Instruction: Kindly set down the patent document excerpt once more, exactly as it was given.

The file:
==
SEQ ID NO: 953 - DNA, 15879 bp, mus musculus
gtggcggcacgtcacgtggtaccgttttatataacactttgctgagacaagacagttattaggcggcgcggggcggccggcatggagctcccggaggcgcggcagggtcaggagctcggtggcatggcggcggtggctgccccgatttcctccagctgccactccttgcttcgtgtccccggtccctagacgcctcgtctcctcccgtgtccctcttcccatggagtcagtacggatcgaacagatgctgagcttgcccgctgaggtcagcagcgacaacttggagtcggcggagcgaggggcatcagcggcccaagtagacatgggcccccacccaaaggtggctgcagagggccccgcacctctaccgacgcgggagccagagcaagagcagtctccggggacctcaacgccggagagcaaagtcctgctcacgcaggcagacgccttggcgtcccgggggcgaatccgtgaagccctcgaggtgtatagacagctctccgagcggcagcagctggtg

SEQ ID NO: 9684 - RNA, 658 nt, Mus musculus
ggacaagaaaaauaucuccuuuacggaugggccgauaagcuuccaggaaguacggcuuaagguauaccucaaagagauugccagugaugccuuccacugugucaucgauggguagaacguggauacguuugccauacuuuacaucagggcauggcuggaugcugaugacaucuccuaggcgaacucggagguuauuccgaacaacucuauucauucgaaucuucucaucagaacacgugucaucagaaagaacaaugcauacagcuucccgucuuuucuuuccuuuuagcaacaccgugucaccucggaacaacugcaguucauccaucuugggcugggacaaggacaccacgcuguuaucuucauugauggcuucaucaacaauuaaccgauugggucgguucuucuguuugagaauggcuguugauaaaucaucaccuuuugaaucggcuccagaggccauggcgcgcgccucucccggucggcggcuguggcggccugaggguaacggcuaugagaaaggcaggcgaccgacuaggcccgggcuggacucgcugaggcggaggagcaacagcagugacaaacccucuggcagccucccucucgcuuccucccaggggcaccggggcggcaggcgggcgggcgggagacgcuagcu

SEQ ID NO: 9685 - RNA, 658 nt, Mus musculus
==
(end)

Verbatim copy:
SEQ ID NO: 953 - DNA, 15879 bp, mus musculus
gtggcggcacgtcacgtggtaccgttttatataacactttgctgagacaagacagttattaggcggcgcggggcggccggcatggagctcccggaggcgcggcagggtcaggagctcggtggcatggcggcggtggctgccccgatttcctccagctgccactccttgcttcgtgtccccggtccctagacgcctcgtctcctcccgtgtccctcttcccatggagtcagtacggatcgaacagatgctgagcttgcccgctgaggtcagcagcgacaacttggagtcggcggagcgaggggcatcagcggcccaagtagacatgggcccccacccaaaggtggctgcagagggccccgcacctctaccgacgcgggagccagagcaagagcagtctccggggacctcaacgccggagagcaaagtcctgctcacgcaggcagacgccttggcgtcccgggggcgaatccgtgaagccctcgaggtgtatagacagctctccgagcggcagcagctggtg

SEQ ID NO: 9684 - RNA, 658 nt, Mus musculus
ggacaagaaaaauaucuccuuuacggaugggccgauaagcuuccaggaaguacggcuuaagguauaccucaaagagauugccagugaugccuuccacugugucaucgauggguagaacguggauacguuugccauacuuuacaucagggcauggcuggaugcugaugacaucuccuaggcgaacucggagguuauuccgaacaacucuauucauucgaaucuucucaucagaacacgugucaucagaaagaacaaugcauacagcuucccgucuuuucuuuccuuuuagcaacaccgugucaccucggaacaacugcaguucauccaucuugggcugggacaaggacaccacgcuguuaucuucauugauggcuucaucaacaauuaaccgauugggucgguucuucuguuugagaauggcuguugauaaaucaucaccuuuugaaucggcuccagaggccauggcgcgcgccucucccggucggcggcuguggcggccugaggguaacggcuaugagaaaggcaggcgaccgacuaggcccgggcuggacucgcugaggcggaggagcaacagcagugacaaacccucuggcagccucccucucgcuuccucccaggggcaccggggcggcaggcgggcgggcgggagacgcuagcu

SEQ ID NO: 9685 - RNA, 658 nt, Mus musculus